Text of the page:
“Conviction” is based on a true story full of complex and extraordinary people – good, bad and somewhere in between – that any audience would be eager to get to know and try to understand, and a stellar cast brings them vividly to life in this absorbing tale of love, loyalty and sacrifice from director Tony Goldwyn and screenwriter Pamela Gray.
Actual facts and deeds provide fertile ground for Hilary Swank to grow another Oscar-worthy performance as Betty Anne Waters, a Massachusetts working-class woman whose unconditional love for her wild, ever-in-trouble brother Kenny (Sam Rockwell, also in Oscar-level mode) moves her to fight an 18-year battle to prove against seemingly insurmountable odds that her sibling was sentenced to life in prison for a heinous murder he did not commit.
Swank does the underdog against the world better than almost any actor working today, with the Oscars from “Boys Don’t Cry” and “Million Dollar Baby” to prove it, and here she shines again as a small-town, unemployed high school dropout who dedicates her life to the exoneration and release of her brother. She risks her marriage, her relationship with her kids and her friendships in the process, as she accomplishes the incredible feat of obtaining a GED, a college degree and putting herself through law school to represent her beloved Kenny.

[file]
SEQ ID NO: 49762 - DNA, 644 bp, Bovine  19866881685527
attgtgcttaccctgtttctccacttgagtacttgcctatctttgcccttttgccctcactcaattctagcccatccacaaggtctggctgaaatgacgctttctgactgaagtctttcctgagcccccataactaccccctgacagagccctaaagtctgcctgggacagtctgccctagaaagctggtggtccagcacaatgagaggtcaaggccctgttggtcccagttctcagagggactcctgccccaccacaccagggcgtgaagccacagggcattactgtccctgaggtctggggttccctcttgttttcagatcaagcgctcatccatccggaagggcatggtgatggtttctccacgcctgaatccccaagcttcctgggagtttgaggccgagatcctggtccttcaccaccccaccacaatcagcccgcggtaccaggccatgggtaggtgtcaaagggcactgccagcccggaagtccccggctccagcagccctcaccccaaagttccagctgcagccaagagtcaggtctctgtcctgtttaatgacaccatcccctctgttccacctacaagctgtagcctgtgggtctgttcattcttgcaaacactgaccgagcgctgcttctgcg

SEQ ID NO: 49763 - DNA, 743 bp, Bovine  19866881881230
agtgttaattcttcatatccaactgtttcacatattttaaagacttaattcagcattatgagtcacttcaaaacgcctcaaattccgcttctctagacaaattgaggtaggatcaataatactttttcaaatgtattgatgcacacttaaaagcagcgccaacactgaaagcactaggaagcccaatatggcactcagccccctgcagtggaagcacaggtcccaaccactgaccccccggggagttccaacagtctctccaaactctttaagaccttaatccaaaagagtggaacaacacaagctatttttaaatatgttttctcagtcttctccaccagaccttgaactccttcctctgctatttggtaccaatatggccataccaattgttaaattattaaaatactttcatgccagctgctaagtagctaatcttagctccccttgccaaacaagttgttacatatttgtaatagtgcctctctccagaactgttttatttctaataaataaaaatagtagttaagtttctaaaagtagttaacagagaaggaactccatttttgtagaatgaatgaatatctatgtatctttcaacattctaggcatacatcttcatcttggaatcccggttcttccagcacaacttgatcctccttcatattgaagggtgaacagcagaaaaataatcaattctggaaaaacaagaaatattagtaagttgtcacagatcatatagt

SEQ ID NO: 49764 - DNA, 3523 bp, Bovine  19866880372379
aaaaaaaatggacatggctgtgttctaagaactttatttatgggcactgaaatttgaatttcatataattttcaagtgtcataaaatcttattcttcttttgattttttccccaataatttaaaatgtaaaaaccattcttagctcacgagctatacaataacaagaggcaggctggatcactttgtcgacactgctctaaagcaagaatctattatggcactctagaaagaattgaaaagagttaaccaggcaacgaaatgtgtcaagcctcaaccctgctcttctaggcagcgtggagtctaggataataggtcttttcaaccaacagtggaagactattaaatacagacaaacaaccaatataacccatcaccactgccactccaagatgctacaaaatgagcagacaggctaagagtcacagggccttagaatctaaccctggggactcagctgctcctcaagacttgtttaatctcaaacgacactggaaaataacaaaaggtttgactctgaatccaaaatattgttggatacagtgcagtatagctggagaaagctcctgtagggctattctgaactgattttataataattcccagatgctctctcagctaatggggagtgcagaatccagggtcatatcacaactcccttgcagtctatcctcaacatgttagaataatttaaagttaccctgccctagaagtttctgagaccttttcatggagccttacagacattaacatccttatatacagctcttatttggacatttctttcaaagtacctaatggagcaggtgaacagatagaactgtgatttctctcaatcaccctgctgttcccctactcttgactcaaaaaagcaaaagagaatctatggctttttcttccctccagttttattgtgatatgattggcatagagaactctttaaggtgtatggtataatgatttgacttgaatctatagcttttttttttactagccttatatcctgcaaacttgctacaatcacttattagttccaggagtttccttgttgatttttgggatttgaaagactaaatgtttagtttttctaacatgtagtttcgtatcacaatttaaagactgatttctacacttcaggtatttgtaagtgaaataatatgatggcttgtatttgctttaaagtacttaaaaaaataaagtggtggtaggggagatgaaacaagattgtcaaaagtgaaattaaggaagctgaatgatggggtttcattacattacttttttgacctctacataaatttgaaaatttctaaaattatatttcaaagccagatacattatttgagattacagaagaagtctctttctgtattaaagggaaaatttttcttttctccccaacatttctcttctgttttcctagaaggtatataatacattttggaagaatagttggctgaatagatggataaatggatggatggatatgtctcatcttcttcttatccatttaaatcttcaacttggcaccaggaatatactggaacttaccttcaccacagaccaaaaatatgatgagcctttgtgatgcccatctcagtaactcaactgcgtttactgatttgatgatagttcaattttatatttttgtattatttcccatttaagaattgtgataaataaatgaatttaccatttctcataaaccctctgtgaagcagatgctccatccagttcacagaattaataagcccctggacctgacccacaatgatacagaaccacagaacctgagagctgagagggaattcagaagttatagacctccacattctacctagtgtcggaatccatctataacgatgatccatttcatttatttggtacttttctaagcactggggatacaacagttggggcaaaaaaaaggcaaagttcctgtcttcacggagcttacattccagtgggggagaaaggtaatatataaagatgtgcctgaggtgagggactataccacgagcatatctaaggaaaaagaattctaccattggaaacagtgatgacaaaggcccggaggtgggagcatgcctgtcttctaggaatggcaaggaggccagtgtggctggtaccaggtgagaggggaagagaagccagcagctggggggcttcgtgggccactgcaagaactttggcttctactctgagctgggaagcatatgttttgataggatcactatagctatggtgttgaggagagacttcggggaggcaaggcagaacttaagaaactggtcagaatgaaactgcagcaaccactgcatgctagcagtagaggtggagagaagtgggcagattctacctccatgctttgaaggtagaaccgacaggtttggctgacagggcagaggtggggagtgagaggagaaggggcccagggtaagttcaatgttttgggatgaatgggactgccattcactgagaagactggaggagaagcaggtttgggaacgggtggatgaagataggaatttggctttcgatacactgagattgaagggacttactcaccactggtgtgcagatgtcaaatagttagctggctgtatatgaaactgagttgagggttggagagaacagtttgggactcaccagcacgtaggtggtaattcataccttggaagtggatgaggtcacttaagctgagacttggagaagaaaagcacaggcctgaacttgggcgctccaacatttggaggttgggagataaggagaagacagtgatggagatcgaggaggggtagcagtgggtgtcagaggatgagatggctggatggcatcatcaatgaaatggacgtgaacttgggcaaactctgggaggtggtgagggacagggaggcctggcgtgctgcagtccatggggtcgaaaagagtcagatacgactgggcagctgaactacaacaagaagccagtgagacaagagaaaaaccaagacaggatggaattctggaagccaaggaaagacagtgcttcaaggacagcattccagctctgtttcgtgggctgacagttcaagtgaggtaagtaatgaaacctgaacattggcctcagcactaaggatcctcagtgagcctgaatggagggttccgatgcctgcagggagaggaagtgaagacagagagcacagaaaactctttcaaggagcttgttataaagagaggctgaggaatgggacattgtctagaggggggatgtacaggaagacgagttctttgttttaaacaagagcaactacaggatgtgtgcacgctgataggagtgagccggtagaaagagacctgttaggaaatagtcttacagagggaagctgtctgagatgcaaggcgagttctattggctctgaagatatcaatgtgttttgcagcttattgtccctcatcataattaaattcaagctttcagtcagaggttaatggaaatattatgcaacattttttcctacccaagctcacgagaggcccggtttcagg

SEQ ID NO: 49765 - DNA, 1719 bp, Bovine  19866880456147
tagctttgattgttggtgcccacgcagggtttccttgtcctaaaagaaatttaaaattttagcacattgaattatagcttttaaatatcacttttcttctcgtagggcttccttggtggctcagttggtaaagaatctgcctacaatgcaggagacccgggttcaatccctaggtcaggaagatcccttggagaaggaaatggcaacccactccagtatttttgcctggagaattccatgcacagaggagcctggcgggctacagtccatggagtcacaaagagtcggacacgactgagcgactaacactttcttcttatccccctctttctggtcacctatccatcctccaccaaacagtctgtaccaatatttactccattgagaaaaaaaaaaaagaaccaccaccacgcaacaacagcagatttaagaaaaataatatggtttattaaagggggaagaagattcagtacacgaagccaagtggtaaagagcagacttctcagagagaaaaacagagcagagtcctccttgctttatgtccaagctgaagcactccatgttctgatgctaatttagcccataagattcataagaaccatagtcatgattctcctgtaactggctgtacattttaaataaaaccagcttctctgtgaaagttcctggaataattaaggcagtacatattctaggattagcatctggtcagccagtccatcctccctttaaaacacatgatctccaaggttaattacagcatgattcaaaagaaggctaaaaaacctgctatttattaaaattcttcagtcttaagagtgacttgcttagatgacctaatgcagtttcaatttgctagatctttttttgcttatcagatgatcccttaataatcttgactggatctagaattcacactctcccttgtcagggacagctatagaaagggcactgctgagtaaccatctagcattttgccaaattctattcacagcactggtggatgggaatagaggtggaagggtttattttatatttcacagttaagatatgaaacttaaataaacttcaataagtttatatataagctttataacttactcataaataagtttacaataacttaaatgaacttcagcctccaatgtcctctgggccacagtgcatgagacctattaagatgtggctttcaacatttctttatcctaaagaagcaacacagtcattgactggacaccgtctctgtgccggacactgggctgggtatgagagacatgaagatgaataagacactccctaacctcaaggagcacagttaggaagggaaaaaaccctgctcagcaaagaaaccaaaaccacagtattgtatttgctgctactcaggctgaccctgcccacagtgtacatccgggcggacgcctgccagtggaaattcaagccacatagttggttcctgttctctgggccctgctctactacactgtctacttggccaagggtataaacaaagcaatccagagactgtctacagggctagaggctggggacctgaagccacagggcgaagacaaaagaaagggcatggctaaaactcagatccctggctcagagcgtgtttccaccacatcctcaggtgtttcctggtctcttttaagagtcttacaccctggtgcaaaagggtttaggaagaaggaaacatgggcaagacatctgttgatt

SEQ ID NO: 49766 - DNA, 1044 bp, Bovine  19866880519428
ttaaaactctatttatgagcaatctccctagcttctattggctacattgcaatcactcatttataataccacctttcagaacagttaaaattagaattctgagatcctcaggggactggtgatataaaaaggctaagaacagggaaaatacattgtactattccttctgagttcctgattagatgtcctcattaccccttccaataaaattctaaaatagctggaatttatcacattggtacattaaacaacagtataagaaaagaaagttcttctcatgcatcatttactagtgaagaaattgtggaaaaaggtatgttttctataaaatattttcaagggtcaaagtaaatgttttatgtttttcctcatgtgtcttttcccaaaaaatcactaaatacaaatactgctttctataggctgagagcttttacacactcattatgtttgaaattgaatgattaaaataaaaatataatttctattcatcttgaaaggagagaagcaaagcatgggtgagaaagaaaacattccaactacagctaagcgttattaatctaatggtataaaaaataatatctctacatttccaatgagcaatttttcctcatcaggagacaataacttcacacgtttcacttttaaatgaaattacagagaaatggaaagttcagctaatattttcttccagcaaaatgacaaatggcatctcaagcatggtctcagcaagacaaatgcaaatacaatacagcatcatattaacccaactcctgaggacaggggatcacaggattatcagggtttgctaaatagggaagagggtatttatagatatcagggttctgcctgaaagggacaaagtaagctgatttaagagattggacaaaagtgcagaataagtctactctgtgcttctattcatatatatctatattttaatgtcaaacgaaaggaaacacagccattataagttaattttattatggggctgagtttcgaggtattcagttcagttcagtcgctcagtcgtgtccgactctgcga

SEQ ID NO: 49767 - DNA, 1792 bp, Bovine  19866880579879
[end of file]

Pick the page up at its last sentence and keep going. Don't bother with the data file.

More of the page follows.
Her enemies are a badly flawed legal system, an unscrupulous local cop (an effectively mean-spirited and despicable Melissa Leo), and two of Kenny’s disgruntled exes, particularly the one played by Juliette Lewis, who in two brief scenes transforms herself into a loathsome, wine-swilling, hilariously grammar-challenged, unrepentant perjurer, delivering the most memorable, Academy Award-caliber turn of the entire film.
Rockwell, too, burns bright as the rebellious, fun-loving, hapless and world-weary Kenny, whose only hope for salvation rests in the dogged determination of the little sister who shared his rugged childhood and vowed never to abandon him.
Minnie Driver and Peter Gallagher lend strong, likable support as true-blue friend Abra and crusading lawyer Barry Scheck, Betty Anne’s only allies in the quest for the “lost” evidence that will save her brother.
Audiences will see where the story is leading long before it gets there, but it’s the journey and the wonderfully portrayed characters that make “Conviction” worth the ride, plus Goldwyn’s straightforward direction, which never allows things to stray into Hallmark territory.
— Gene Triplett
Starring: Hilary Swank, Sam Rockwell, Minnie Driver, Melissa Leo, Peter Gallagher, Juliette Lewis.
(Language, some violent images)